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Beyond Documents, part 2: a futuristic example

Category design
The aim of this series is to explore why it's instinctive for those of us in the Domino world to conceptualize everything in terms of "documents", as well as to ask what potential benefits might be open to us if we were to move beyond using the notion of a document as our fundamental unit of abstract thought.

In part 1 of this series, I asked why our first instinct as Domino developers is to base our entire conception of our applications on the notion of a collection of documents, and presented my theory on why that's currently the case. I also hinted that there's an alternative to maintaining that conception.

Why would we ever bind XPage components to anything other than a "document"? Let's examine a notion that (currently) is so futuristic as to be a bit ridiculous in the hopes that it will elucidate a few implications. In subsequent posts, we can take a look at how the same principle can be applied even today to make our applications easier and more pleasant to design, use, and support.

Imagine a world in which advances in gene therapy allow a person's eye or hair color to be changed without, respectively, contact lenses or dye. Rather, technology is developed -- and later commercialized -- that actually changes the color at a genetic level. Customers can decide, for example, that they want green hair and purple eyes.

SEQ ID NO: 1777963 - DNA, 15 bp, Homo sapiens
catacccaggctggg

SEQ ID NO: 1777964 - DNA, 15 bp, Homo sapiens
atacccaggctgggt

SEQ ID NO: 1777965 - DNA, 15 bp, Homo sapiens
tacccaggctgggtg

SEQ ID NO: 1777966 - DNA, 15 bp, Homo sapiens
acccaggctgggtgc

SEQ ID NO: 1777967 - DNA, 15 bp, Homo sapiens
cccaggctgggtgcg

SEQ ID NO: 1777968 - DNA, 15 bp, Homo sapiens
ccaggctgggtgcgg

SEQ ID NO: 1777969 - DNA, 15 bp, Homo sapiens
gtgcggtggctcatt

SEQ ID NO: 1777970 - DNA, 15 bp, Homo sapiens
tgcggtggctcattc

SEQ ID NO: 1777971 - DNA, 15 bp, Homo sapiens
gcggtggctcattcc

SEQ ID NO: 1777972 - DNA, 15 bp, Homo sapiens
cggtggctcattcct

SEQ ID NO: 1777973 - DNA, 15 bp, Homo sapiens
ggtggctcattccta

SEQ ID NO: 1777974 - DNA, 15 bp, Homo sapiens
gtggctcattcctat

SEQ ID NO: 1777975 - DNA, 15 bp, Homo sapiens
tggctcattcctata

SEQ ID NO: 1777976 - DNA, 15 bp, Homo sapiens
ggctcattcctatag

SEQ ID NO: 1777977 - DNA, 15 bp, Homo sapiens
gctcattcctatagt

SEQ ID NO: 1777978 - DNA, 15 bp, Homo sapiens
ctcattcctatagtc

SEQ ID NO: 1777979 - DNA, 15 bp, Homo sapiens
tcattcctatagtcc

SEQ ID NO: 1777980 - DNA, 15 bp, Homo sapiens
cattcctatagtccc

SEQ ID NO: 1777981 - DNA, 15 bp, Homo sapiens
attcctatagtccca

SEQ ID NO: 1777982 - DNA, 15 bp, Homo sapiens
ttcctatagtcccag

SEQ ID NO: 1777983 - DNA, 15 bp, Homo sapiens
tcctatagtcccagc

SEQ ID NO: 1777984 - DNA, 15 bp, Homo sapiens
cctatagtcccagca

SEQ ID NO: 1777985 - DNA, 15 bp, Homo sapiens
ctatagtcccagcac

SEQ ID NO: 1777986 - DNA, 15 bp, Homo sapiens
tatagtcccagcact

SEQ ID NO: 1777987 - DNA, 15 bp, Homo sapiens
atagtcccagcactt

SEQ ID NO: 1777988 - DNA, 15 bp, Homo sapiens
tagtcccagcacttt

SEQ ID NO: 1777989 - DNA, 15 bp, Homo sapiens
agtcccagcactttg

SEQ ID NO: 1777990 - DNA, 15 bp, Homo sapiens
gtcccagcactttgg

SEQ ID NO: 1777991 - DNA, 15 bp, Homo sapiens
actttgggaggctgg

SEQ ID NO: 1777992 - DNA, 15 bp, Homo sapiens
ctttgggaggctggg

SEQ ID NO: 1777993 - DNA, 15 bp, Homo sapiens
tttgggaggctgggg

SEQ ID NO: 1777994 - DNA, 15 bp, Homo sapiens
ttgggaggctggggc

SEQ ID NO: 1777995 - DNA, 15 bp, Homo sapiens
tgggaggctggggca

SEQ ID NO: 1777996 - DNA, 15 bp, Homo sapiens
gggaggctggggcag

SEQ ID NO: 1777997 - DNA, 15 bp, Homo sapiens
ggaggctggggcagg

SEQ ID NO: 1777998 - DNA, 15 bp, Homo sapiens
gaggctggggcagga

You have been hired to develop an app that will allow customers to schedule the surgery in which these genetic changes will be applied. Should be easy, right? It's just a "form" with a few "fields". One can even envision what the UI might look like: you'd probably want a date picker for them to specify their preference for the day of their appointment, a checkbox group to indicate whether they want to change their eye color, hair color or both, and then radio buttons or combo boxes to allow them to choose from a constrained list of available color names for each of the modifiable characteristics. Simple. Each of these components is bound to an item on a document: specifically, the record that represents their request for an appointment for surgery.

But the document is not your customer's goal. Your customer's goal is to have green hair and purple eyes. Your customer doesn't ultimately care whether a document is created. They want to change something about their own appearance. So, while our instinct for such a simple "form" is to make the entire user interface look like a paper form, wouldn't it be much more engaging for the customer if part of the UI was a picture of them?

Imagine your app integrates with the camera on the customer's device: they take a picture of how they currently look, and photo analysis determines where their hair and eyes are, allowing you to define click targets. Clicking on the specific portion of themselves that they want to alter pops up a tooltip dialog or interface equivalent that includes a color palette. As the customer hovers over any color swatch in the palette, their photo is immediately updated to provide a preview of how they would actually look if they chose that particular color for that particular attribute. Clicking their favorite updates the component's value.

Is it within reason to assume that customers would be more excited by this type of UI -- and, as a result, more likely to go through with purchasing their desired modifications -- than they might be if the UI were just a grid of fields? I admit, I would find it a bit disturbing if this technology ever emerged, but I'm assuming this analogy makes a vivid point about why thinking beyond documents to the reason documents exist can alter our conception of an ideal user interface.